The coming wheat crisis is official now. The Ministry of National Food Security & Research has reportedly decided to import three million tonnes to keep the next flour year easy and prevent the market from getting overheated. It is now trying to plan by seeking relevant exemptions for official imports and telling the private sector to be prepared.

The decision came on the back of conclusions made by the Federal Committee on Agriculture (FCA) in its last meeting, where it estimated a yield of 26.87m tonnes against a target of 28.89m tonnes — a deficit of over 2m tonnes or 6.97 per cent. Luckily, the country has a carry-over stock of 1.8m tones — almost wiping off the yield loss. The total, however, still falls short of the total national requirement, which is estimated to be 30.79m tonnes. With total availability — fresh yield plus carry-over — standing at 28.67m tonnes, the country will need another 2.12m tonnes to see it through the next season.

Practically speaking, however, things may turn out to be much more complicated than what these figures convey. To begin with, the FCA estimates were firmed up in late March when wheat from the central Punjab region had not started arriving and better yield in the South had created optimism about the final figure. With harvesting almost complete, Punjab is now looking at a figure of 20m tonnes, against 20.4m tonnes earlier when the commodity was trickling in from the South alone.

With Punjab losing almost 2m tonnes of its targeted 21.9m tonnes, the total national figure might actually be down to 25m tonnes. This figure, as calculated by the farmers and private agencies, might be on the lower side, but it would play with market sentiments and keep it volatile by incentivising hoarding and letting stockists play their role.

At current prices, the country would need $380 to $400 per tonne of wheat imports, landing the bill in the vicinity of $1.2 billion — an amount larger than the next tranche of IMF

If the 25m tonnes figure is taken as true, it would increase import requirement by another million tonnes or so to keep the flour market cool for the year.

Wheat imports this year may not be business as usual because of the Ukraine-Russian war — the Black Sea region, one of the four top wheat production regions, exports around 60m tonnes of wheat. The US department of agriculture thinks that its exports may drop by 7m tonnes as war rages between the two states. It says that Ukrainian wheat export may drop from 24m tonnes to 20m tonnes and the Russian exports from 35m tonnes to 32m tonnes.

Even these digits may become quickly irrelevant if war is prolonged and becomes nastier. Its importance for the country can be gauged from the fact that it covers almost 80 pc of Pakistan’s imports because it cannot afford purchases from the high-end markets like the USA, Australia or Canada. Thus planning imports from the Black sea region may carry additional hassle.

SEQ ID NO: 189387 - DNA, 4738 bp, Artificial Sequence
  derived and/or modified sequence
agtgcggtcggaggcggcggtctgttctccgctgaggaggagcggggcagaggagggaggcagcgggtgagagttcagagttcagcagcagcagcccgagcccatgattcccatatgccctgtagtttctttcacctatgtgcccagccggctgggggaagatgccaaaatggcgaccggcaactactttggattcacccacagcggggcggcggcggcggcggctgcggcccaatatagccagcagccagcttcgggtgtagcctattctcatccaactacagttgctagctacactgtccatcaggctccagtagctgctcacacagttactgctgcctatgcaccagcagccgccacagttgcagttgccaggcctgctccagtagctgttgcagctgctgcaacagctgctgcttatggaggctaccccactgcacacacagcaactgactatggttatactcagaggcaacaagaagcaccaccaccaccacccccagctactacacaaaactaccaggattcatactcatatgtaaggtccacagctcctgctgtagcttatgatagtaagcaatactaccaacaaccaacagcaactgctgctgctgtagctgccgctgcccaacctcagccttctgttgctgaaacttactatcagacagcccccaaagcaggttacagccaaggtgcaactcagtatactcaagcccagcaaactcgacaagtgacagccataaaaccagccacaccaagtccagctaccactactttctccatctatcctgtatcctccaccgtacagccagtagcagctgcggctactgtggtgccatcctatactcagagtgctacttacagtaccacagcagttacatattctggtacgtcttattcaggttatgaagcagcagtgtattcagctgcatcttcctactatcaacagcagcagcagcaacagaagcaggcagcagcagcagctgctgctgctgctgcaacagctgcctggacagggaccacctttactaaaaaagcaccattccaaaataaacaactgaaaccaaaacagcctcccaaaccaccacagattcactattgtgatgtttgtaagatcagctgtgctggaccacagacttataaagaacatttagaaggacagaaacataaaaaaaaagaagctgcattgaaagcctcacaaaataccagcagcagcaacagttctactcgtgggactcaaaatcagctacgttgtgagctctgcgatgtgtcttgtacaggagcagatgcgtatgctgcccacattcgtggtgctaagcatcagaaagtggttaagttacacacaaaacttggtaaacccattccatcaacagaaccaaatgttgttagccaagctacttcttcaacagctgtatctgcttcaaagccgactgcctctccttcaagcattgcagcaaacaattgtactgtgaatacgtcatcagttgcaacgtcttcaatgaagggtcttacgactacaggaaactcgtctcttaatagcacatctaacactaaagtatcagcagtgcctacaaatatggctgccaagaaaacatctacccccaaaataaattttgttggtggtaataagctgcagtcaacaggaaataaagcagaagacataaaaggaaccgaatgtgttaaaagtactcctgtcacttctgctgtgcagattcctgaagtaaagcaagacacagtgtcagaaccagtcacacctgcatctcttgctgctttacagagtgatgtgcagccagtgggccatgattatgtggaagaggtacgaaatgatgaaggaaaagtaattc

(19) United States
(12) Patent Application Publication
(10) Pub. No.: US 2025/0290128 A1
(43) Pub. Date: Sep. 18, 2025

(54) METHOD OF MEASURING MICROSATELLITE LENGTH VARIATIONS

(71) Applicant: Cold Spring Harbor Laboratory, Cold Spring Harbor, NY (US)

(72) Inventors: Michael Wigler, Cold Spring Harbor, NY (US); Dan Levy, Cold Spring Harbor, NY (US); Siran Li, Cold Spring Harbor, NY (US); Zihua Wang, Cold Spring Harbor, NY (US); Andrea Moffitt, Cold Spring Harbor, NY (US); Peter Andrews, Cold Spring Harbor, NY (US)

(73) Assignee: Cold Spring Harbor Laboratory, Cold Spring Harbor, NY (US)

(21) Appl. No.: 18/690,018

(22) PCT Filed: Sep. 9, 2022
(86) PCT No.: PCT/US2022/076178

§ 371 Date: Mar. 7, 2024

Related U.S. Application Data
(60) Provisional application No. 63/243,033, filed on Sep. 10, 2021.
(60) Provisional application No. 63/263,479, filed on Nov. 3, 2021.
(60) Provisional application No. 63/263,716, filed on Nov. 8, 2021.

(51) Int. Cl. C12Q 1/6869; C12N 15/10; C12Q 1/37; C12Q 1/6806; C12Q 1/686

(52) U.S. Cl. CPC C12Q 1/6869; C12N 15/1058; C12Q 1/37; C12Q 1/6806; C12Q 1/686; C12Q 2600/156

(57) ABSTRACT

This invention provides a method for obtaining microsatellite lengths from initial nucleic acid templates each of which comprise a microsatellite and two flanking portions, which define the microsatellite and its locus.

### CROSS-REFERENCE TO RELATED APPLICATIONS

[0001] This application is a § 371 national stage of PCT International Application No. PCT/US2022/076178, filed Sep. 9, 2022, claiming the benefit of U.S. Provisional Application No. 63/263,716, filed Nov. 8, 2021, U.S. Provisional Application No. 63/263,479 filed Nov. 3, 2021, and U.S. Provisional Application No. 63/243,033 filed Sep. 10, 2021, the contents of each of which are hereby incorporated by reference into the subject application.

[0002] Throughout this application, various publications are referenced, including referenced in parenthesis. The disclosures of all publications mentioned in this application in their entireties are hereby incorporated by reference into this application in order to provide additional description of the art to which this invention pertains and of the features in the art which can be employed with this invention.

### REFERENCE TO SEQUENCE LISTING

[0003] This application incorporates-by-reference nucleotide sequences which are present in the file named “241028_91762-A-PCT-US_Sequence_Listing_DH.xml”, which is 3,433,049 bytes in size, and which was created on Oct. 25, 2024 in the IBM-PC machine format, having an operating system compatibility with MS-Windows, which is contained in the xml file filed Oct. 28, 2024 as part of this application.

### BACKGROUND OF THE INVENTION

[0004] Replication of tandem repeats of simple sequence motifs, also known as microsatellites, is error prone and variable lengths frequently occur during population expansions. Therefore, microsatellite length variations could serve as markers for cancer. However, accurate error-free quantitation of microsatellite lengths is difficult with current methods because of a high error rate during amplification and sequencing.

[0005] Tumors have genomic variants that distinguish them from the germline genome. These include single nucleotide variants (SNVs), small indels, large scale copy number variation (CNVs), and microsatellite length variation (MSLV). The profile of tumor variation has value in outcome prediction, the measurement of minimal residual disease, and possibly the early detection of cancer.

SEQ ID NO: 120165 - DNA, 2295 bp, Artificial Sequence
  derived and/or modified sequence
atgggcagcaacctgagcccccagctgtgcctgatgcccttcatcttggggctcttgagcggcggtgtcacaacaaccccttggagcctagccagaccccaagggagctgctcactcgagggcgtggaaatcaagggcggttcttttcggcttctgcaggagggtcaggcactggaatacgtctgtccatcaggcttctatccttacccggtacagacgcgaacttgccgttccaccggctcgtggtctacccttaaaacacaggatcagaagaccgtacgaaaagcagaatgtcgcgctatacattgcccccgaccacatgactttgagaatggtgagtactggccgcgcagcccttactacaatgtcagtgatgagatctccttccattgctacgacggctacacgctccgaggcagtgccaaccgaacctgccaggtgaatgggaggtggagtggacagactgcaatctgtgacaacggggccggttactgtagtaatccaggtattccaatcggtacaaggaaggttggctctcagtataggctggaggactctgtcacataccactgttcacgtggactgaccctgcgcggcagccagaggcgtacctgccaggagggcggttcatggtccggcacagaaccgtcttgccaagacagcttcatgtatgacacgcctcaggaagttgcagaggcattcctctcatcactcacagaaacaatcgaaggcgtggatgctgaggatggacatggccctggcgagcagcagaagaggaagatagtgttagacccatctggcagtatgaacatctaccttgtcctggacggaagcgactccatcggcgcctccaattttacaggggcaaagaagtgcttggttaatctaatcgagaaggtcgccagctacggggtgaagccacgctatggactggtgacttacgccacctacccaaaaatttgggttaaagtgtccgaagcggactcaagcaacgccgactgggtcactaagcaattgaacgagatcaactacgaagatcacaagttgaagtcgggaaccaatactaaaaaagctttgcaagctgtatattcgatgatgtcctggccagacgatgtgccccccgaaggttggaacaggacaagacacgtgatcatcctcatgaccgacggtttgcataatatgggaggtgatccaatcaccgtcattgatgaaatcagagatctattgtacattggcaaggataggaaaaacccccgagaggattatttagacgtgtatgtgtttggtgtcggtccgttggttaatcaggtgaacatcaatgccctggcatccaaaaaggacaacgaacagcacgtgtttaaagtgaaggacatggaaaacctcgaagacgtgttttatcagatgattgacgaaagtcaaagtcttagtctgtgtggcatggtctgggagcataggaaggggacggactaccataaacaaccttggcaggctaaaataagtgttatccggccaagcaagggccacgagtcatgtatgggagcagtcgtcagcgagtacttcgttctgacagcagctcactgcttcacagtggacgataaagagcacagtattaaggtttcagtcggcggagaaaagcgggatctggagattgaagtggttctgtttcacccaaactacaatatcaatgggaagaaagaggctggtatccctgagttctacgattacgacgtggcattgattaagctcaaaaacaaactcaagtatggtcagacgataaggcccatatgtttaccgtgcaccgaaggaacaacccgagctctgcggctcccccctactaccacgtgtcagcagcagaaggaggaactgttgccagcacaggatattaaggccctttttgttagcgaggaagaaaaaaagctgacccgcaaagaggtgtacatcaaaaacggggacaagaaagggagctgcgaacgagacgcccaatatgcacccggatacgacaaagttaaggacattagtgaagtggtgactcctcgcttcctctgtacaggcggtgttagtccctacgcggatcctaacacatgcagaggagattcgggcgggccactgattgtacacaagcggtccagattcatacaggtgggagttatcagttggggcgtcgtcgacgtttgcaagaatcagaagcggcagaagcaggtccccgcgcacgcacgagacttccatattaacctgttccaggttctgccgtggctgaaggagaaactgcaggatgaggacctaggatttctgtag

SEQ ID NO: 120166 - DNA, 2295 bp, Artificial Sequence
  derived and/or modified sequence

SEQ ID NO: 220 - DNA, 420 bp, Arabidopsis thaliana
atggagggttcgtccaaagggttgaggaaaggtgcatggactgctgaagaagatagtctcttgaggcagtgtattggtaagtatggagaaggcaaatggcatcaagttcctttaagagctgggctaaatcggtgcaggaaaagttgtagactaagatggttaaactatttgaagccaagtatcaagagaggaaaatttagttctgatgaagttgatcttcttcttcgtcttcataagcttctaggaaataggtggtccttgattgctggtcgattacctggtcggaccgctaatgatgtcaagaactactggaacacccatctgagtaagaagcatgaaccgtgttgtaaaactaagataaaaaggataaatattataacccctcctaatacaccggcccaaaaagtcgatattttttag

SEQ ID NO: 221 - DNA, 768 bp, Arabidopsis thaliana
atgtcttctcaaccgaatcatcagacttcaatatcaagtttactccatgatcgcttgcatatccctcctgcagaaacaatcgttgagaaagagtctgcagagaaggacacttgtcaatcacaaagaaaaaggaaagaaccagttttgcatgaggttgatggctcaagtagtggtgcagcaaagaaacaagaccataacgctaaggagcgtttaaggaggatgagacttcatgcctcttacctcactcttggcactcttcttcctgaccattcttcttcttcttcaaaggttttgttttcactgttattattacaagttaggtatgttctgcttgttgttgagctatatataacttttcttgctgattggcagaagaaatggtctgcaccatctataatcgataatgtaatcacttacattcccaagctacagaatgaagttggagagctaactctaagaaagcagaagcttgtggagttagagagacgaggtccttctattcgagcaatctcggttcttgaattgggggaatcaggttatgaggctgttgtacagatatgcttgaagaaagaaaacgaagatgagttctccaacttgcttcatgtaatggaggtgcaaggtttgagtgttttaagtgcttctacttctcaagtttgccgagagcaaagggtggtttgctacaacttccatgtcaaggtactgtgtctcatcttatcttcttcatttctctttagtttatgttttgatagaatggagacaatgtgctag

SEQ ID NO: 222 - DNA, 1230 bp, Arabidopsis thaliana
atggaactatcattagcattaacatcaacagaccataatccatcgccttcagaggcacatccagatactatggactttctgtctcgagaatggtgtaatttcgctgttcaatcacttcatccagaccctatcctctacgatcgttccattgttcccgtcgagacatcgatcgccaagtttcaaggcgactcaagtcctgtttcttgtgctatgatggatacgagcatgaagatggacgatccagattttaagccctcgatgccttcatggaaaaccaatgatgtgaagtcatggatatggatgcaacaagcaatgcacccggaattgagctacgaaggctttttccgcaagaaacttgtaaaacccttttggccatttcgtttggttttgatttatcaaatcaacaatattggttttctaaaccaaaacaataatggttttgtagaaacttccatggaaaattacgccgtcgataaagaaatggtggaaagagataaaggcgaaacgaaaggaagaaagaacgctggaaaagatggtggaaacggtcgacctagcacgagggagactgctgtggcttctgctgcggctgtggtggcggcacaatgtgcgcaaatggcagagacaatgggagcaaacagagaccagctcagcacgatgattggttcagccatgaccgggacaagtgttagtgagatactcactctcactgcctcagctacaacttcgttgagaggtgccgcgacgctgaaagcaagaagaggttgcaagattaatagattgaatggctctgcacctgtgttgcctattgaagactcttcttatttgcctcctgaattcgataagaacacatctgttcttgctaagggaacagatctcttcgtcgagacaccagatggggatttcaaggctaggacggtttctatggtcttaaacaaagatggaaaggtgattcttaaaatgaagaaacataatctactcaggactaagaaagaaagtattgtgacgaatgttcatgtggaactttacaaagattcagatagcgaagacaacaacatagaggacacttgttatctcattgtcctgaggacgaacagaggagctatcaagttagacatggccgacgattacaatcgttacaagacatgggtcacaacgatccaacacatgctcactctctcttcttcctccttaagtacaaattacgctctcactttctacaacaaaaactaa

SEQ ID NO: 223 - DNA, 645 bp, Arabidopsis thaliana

Secondly, a bigger issue for Pakistan may be footing the import bill. At the current price, the country would need $380 to $400 per tonnes, according to importers, which adds up to $380m-$400m for each million tonnes of wheat, landing the total bill in the vicinity of $1.2 billion. Can Pakistan afford to spare that kind of amount in the current crunch, when it has been running after the International Monetary Fund for a far less amount?

Another complicating factor may be that when a sovereign state goes to the world market with such a massive order, it is bound to put additional pressure on price — making it even costlier for the country. Availability of such a massive quantity would be an issue that could not only dog the entire exercise but can turn it into an impossible task.

Not to be forgotten, the government not only has to arrange foreign exchange for imports but later has to subsidise it as well to keep flour affordable. At the current conversion rate, each maund of wheat is costing around Rs3,000 (including inland transportation costs) against the national rate of Rs2,200 per maund. It means that the government has to put about Rs800 subsidy in each and every maund after it is able to get 3m tonnes of wheat from somewhere in the world by importing it at the cost of precious foreign exchange. This amount would roughly translate into Rs17.50bn per tonne subsidy at the current rate — totalling Rs52.50bn for three million tonnes. Meanwhile, if the price escalates, it may deteriorate the fiscal picture of Pakistan correspondingly.

Constitutionally speaking, the wheat subsidy is a provincial subject. Punjab may, somehow, be able to afford it, but would Balochistan or Khyber Pakhtunkhwa be able to meet the bill? Or, will any federating unit, which subsidises wheat import for itself, be allowed to block its border without creating constitutional issues for the federation?

Pakistan will have to be extraordinarily careful this season to keep the supply and price of the staple under control. With so many variables in play, Pakistan has to not only plan imports but its timing as well, keeping in view the world wheat supply situation and price movement. Even with 3m tonnes of imports, it would still be a neck-to-neck situation necessitating anti-hoarding checks and keeping vigil on its borders. Otherwise, the situation may deteriorate quickly and exceptionally.

Published in Dawn, The Business and Finance Weekly, April 25th, 2022

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